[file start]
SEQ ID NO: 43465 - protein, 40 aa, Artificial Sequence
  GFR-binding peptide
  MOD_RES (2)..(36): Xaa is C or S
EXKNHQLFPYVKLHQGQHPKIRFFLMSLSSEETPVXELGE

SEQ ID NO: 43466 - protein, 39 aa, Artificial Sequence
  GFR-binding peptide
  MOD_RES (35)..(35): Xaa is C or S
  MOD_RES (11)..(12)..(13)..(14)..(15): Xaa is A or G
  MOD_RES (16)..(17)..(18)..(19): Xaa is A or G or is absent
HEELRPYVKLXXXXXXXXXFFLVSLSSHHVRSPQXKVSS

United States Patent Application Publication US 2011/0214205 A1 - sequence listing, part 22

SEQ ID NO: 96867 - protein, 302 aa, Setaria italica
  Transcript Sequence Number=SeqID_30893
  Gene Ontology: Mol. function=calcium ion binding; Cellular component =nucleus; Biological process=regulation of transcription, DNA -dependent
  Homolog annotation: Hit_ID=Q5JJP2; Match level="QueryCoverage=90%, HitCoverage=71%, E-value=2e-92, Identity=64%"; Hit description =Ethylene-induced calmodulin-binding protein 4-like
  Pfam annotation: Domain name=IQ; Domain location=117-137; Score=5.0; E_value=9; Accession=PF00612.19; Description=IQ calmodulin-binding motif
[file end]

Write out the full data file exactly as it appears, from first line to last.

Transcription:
SEQ ID NO: 43465 - protein, 40 aa, Artificial Sequence
  GFR-binding peptide
  MOD_RES (2)..(36): Xaa is C or S
EXKNHQLFPYVKLHQGQHPKIRFFLMSLSSEETPVXELGE

SEQ ID NO: 43466 - protein, 39 aa, Artificial Sequence
  GFR-binding peptide
  MOD_RES (35)..(35): Xaa is C or S
  MOD_RES (11)..(12)..(13)..(14)..(15): Xaa is A or G
  MOD_RES (16)..(17)..(18)..(19): Xaa is A or G or is absent
HEELRPYVKLXXXXXXXXXFFLVSLSSHHVRSPQXKVSS

United States Patent Application Publication US 2011/0214205 A1 - sequence listing, part 22

SEQ ID NO: 96867 - protein, 302 aa, Setaria italica
  Transcript Sequence Number=SeqID_30893
  Gene Ontology: Mol. function=calcium ion binding; Cellular component =nucleus; Biological process=regulation of transcription, DNA -dependent
  Homolog annotation: Hit_ID=Q5JJP2; Match level="QueryCoverage=90%, HitCoverage=71%, E-value=2e-92, Identity=64%"; Hit description =Ethylene-induced calmodulin-binding protein 4-like
  Pfam annotation: Domain name=IQ; Domain location=117-137; Score=5.0; E_value=9; Accession=PF00612.19; Description=IQ calmodulin-binding motif